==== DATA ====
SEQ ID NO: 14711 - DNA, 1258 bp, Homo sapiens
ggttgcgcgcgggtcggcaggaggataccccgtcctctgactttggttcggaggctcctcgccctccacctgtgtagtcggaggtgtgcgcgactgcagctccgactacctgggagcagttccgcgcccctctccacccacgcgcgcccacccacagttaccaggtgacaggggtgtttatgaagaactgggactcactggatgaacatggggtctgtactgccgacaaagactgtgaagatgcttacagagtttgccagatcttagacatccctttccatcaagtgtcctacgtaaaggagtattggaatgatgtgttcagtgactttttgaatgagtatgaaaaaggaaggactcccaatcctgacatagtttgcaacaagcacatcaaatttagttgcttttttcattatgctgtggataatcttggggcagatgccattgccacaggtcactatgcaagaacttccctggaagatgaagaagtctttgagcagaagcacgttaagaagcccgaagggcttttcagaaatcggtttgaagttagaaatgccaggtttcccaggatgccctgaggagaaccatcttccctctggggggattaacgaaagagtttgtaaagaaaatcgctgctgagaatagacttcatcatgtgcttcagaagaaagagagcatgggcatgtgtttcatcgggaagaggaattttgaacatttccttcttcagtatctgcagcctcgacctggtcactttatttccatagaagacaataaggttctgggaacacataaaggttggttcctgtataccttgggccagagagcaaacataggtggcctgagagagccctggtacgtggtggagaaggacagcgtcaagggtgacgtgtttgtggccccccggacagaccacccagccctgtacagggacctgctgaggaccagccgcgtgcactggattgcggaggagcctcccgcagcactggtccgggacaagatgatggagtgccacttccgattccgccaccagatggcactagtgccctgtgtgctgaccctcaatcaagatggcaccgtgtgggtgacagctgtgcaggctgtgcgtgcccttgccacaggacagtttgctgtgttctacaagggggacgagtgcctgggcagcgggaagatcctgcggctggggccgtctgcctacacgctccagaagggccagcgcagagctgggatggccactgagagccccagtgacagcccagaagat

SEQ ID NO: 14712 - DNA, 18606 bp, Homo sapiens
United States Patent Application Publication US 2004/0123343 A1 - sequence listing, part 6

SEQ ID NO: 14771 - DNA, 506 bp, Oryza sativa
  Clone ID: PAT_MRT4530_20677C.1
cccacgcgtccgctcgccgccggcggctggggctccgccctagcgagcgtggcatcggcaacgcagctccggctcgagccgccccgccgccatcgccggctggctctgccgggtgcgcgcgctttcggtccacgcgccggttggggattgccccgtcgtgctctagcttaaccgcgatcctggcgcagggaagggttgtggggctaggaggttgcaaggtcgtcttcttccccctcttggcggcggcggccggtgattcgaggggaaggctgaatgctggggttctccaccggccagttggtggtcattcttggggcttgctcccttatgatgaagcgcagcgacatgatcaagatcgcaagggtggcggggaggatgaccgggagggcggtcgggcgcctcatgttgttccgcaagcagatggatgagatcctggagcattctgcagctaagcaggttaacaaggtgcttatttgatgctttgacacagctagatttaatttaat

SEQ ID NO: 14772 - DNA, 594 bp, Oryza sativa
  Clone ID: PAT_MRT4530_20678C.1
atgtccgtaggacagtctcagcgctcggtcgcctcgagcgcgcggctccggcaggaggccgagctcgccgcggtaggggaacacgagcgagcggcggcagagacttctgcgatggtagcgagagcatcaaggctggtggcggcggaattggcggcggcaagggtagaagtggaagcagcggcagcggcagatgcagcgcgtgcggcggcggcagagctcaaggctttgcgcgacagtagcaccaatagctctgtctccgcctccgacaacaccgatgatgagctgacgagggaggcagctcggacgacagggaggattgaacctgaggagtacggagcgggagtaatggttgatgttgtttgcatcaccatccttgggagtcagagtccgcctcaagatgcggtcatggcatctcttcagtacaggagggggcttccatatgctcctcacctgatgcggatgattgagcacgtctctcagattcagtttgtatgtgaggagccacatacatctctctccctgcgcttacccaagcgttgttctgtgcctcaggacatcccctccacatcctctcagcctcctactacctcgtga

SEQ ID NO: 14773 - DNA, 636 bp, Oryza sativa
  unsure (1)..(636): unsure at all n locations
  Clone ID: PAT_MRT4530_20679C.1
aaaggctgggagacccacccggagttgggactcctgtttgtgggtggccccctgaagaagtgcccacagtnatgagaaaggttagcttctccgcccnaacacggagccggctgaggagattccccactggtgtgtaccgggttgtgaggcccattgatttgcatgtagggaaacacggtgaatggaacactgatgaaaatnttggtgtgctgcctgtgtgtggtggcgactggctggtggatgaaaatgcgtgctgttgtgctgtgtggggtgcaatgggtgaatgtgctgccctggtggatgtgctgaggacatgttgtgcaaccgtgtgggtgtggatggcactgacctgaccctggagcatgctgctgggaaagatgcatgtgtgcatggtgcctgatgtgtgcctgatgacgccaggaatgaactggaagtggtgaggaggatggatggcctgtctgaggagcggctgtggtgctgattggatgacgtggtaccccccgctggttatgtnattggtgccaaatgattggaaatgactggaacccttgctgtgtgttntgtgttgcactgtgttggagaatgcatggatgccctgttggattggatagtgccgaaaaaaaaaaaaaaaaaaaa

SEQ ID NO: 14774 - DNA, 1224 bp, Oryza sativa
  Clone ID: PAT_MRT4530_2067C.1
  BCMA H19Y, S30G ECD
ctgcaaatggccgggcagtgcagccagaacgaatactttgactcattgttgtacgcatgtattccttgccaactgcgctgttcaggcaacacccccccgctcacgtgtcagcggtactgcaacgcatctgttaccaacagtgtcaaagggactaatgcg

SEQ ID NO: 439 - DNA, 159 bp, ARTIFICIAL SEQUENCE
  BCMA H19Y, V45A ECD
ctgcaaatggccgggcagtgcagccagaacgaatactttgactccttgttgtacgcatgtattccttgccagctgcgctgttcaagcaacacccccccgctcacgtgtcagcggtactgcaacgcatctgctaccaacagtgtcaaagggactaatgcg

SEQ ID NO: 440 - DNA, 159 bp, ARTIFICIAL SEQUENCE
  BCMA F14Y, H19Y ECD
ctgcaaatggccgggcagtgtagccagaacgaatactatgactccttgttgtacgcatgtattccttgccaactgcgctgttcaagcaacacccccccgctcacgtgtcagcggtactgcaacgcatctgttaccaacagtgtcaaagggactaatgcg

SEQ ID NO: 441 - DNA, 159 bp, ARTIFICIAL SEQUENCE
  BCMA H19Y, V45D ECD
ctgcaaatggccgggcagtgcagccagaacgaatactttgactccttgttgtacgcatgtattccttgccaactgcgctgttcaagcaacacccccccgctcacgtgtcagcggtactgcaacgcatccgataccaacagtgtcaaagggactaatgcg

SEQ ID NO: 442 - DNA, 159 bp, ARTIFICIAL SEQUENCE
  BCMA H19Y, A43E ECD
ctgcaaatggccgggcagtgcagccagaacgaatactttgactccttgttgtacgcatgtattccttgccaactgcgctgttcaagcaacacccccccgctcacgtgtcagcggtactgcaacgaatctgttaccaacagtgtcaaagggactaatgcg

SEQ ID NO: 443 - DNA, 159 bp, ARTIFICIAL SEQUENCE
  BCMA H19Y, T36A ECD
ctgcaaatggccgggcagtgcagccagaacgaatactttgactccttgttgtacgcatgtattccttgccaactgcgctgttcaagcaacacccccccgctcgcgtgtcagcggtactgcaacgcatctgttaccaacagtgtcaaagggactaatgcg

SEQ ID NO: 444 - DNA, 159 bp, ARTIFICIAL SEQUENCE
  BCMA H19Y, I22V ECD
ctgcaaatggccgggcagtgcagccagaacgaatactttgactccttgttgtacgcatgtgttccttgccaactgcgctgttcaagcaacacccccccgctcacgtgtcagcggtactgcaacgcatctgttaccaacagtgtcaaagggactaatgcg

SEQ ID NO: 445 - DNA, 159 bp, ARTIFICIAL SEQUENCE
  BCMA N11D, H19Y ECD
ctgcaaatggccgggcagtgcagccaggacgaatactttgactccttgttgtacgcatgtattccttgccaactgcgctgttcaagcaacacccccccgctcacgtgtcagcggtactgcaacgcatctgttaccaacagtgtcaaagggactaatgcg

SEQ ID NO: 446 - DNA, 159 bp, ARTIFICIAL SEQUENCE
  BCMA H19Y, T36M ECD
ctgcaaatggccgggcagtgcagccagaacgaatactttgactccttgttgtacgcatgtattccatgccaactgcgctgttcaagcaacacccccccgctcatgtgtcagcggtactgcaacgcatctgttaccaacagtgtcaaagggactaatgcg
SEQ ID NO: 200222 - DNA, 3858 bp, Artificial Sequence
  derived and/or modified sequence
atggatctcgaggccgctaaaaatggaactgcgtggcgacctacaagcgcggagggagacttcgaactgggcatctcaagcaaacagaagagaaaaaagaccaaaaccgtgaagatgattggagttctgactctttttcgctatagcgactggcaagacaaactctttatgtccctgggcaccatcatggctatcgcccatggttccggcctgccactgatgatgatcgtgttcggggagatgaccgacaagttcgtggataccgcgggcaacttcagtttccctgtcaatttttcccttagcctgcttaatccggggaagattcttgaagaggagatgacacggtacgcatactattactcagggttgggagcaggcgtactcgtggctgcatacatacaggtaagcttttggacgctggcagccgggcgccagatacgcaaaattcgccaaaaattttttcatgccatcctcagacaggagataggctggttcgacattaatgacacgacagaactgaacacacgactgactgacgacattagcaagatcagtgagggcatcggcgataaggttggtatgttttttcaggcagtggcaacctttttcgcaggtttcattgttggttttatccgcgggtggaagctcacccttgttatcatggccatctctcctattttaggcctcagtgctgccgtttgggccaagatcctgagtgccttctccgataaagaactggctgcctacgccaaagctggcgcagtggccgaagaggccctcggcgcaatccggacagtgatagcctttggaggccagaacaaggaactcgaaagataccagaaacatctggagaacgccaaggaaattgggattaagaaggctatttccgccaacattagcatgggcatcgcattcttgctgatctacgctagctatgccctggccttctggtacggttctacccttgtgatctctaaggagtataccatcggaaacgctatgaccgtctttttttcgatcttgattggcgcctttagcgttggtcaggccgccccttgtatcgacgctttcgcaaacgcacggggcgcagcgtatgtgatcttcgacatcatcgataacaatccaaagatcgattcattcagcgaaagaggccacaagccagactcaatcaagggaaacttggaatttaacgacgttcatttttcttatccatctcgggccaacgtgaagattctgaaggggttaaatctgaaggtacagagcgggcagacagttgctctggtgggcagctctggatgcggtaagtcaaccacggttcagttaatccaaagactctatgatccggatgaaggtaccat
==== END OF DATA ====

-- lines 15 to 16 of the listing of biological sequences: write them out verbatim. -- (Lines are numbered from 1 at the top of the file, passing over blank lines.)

SEQ ID NO: 14774 - DNA, 1224 bp, Oryza sativa
  Clone ID: PAT_MRT4530_2067C.1